1975 WWV Transmitter Site My poor wife-to-be and I, back in 1975, took this photo of WWV's transmitter site in
In Fort Collins, Colorado. I haven't been back since, even though I live in Colorado,
so I have no idea what they're up to nowadays. Nevertheless, I did create a page of time
in a feeble attempt to disect that heady little subject...



Dish World
Aren't parabolic reflectors fascinating??!!

Dish Farm Near Castle Rock Colorado - 03-12-2007
Near Castle Rock, Colorado
Dish Farm Near Castle Rock Colorado - 03-12-2007
Submillimeter Array, Hawaii
33.5 Metre Dish at Carnarvon Shire, Australia - 11-08-2005
Carnarvon Shire, Australia
While traveling through Western Australia Tami and I stopped in Carnarvon Shire to look at this 33.5 Metre dish. I believe it was about that time that they were hoping to convert part of its use to SETI but I'm not sure...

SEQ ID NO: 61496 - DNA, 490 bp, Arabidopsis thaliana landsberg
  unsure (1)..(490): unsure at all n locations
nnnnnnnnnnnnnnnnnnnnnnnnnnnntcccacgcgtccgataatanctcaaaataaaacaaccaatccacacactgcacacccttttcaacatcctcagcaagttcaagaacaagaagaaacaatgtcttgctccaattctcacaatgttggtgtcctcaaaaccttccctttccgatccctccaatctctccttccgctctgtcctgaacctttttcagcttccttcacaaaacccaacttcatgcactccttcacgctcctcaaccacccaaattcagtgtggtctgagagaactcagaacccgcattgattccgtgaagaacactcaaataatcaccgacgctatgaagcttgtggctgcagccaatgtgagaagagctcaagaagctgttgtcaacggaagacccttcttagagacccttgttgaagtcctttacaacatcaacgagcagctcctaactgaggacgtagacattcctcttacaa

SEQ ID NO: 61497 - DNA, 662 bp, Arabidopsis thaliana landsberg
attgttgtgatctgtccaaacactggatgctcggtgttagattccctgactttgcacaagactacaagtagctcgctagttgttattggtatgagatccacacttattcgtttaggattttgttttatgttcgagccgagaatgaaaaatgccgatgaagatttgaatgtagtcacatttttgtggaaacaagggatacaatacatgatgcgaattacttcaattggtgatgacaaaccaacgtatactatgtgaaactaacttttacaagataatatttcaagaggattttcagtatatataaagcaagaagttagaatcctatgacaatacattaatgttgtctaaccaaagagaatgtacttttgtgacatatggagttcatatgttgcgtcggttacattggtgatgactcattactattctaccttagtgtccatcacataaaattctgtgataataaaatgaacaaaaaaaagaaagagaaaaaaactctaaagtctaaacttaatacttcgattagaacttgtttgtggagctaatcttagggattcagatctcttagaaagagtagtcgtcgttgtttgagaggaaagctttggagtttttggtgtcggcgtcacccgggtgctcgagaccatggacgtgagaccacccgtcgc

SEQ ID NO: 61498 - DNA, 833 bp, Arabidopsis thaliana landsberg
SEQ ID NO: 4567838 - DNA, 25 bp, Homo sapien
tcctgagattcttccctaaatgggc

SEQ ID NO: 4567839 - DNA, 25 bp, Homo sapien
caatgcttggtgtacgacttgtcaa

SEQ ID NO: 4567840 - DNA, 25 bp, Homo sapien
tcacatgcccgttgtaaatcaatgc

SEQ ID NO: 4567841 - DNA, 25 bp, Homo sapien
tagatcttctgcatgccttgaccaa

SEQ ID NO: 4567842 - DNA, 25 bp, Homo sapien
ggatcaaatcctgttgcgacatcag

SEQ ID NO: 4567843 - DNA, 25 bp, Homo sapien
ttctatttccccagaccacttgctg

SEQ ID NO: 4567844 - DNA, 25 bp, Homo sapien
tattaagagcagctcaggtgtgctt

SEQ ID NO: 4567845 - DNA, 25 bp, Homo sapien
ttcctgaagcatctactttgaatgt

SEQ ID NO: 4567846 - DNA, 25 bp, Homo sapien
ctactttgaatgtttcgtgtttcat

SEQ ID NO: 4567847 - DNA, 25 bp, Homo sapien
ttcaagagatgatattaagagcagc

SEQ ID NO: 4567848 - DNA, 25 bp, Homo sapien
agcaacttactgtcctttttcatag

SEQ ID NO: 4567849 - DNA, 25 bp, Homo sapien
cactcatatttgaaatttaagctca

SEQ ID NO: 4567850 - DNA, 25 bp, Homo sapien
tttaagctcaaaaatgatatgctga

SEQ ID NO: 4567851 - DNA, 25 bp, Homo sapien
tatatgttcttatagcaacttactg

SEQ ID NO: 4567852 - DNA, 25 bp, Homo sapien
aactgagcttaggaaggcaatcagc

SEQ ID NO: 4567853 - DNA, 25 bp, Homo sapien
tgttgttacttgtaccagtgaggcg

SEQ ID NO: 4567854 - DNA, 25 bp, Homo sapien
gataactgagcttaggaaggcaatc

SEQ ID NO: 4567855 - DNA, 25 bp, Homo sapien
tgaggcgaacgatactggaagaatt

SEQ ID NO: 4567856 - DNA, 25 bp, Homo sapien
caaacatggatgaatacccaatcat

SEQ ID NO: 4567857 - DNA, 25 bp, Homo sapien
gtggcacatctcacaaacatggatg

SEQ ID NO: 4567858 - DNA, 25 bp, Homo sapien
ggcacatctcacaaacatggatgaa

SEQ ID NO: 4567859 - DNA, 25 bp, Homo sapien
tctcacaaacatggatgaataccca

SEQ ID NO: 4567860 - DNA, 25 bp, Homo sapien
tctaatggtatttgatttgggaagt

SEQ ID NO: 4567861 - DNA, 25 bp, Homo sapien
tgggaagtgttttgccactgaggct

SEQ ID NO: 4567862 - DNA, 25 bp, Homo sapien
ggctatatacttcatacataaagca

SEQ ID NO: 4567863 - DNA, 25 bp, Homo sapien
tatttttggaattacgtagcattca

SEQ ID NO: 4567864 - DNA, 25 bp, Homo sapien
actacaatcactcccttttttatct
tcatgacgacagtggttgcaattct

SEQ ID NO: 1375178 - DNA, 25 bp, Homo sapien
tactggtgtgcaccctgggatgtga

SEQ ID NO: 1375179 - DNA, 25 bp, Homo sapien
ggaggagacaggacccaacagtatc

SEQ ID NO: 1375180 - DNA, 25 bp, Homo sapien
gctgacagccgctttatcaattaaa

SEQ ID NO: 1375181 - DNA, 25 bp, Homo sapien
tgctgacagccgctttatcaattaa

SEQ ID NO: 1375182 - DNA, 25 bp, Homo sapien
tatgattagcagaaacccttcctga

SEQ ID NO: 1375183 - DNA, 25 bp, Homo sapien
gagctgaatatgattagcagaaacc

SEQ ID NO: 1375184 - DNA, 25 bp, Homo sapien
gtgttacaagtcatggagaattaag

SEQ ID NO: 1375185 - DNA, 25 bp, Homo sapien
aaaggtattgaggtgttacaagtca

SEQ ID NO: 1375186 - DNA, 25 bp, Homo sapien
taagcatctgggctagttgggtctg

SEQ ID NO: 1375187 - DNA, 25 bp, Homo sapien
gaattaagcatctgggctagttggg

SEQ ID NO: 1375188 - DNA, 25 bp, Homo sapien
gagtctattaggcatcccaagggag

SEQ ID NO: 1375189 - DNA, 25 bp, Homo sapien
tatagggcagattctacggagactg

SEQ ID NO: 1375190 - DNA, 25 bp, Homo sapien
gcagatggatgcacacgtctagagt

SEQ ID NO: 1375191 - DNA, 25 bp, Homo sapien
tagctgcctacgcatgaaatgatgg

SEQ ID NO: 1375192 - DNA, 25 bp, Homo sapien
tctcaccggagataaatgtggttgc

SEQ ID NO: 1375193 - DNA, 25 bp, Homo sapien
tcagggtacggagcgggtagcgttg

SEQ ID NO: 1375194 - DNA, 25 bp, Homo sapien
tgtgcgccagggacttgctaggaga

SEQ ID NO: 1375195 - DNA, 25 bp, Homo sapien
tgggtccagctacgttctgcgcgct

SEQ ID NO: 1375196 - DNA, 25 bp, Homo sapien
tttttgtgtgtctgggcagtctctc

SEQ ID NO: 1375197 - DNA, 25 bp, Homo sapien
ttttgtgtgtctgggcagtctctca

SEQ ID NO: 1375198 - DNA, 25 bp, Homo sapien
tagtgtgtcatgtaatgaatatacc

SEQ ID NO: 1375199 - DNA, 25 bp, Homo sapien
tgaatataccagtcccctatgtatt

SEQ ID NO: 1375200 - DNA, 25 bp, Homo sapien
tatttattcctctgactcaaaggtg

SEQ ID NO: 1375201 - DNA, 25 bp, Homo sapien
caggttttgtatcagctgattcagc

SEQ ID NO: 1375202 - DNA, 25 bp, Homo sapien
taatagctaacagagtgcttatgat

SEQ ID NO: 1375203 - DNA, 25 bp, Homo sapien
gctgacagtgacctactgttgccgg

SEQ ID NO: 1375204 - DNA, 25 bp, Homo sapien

Having lived in Hawaii I couldn't help visiting Mauna Kea on a return trip!




Skull and Bones Electromagnetic Smog
Cell phone and other dangerous radio wave radiation is all around us!

by Roger J. Wendell - March 01, 2009

Okay, as much as I love antennas and anything related to radio waves I've always had a fear of the radiation being emitted by all the transmitters, microwave ovens, cellular telephones, WiFi, television sets and computer monitors (the old CRT screens emitted a lot of X-rays), and other electronic devices that surround us throughout our lives. It's not that I was so smart, back in 1970 when I started playing with radio transmitters, but even in those days we heard a lot of stories about technicians getting burned in front of large radar installations or birds dying in front of parabolic "dish" transmitting antennas.

So, it was obvious, even back then, that the concentrated energy in a radio wave, especially when you're near the antenna or transmitting source, could be quite unhealthy. Later in life, as cellphones became popular, I began to wonder how much damage was being done by holding a communications device next to my skull that was transmitting at a frequency pretty close to what a microwave oven uses to cook chicken!